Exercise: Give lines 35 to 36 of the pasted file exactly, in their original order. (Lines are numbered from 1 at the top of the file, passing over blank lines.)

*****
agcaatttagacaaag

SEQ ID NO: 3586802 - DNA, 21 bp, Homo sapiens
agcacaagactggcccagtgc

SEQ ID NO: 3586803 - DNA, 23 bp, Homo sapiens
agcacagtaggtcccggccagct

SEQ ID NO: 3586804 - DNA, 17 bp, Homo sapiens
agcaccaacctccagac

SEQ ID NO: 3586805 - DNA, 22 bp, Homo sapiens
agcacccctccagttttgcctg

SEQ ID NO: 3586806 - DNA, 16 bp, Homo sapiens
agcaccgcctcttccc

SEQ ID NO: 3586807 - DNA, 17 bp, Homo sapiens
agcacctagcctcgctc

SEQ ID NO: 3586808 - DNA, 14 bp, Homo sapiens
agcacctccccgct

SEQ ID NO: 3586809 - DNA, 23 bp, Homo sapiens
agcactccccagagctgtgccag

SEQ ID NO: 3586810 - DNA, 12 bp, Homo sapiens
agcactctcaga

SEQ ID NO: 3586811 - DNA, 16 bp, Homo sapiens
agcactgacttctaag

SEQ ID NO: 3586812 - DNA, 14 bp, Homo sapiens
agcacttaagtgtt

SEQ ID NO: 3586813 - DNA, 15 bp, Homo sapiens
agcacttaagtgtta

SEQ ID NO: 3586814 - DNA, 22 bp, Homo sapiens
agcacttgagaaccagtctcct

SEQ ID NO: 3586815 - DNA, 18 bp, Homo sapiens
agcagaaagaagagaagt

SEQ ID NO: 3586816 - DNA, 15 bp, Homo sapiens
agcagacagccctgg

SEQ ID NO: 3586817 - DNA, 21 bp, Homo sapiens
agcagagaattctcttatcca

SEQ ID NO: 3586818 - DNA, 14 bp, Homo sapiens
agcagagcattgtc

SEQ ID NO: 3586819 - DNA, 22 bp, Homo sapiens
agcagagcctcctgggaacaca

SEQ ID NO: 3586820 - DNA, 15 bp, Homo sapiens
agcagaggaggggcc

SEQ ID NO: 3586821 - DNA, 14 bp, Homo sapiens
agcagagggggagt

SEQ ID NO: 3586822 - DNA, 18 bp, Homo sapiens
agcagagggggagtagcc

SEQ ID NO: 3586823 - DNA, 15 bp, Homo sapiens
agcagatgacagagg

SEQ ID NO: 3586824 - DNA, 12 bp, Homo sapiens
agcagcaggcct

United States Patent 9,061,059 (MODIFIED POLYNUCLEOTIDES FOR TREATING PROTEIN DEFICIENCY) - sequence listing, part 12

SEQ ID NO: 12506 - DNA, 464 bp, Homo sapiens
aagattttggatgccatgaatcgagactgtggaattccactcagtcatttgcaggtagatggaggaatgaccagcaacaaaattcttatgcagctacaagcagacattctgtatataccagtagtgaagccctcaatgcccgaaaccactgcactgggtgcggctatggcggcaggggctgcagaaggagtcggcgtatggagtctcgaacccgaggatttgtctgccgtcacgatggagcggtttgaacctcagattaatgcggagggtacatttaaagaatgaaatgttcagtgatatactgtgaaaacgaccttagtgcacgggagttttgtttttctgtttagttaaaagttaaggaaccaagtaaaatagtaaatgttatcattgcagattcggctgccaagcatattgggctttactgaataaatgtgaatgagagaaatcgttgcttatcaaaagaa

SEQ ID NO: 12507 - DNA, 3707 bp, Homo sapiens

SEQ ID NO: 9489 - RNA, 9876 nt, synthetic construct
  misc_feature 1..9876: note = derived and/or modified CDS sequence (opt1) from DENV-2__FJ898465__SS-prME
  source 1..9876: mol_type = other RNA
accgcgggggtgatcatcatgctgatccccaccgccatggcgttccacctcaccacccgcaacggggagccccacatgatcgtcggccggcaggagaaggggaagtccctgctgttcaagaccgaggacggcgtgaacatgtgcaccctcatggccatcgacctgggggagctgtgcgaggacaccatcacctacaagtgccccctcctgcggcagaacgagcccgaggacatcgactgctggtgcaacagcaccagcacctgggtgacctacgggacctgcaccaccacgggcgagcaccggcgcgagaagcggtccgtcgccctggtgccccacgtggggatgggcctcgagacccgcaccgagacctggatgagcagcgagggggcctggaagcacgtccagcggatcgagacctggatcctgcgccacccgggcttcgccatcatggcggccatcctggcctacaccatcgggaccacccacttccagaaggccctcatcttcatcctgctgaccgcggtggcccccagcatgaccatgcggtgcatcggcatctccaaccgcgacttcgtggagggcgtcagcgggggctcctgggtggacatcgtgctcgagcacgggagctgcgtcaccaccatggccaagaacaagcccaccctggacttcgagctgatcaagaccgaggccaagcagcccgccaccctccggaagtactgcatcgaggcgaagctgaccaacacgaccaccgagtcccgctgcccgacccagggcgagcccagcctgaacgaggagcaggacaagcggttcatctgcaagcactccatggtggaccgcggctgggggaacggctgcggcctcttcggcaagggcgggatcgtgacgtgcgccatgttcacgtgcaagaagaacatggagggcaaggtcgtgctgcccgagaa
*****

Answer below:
agcagagcattgtc

SEQ ID NO: 3586819 - DNA, 22 bp, Homo sapiens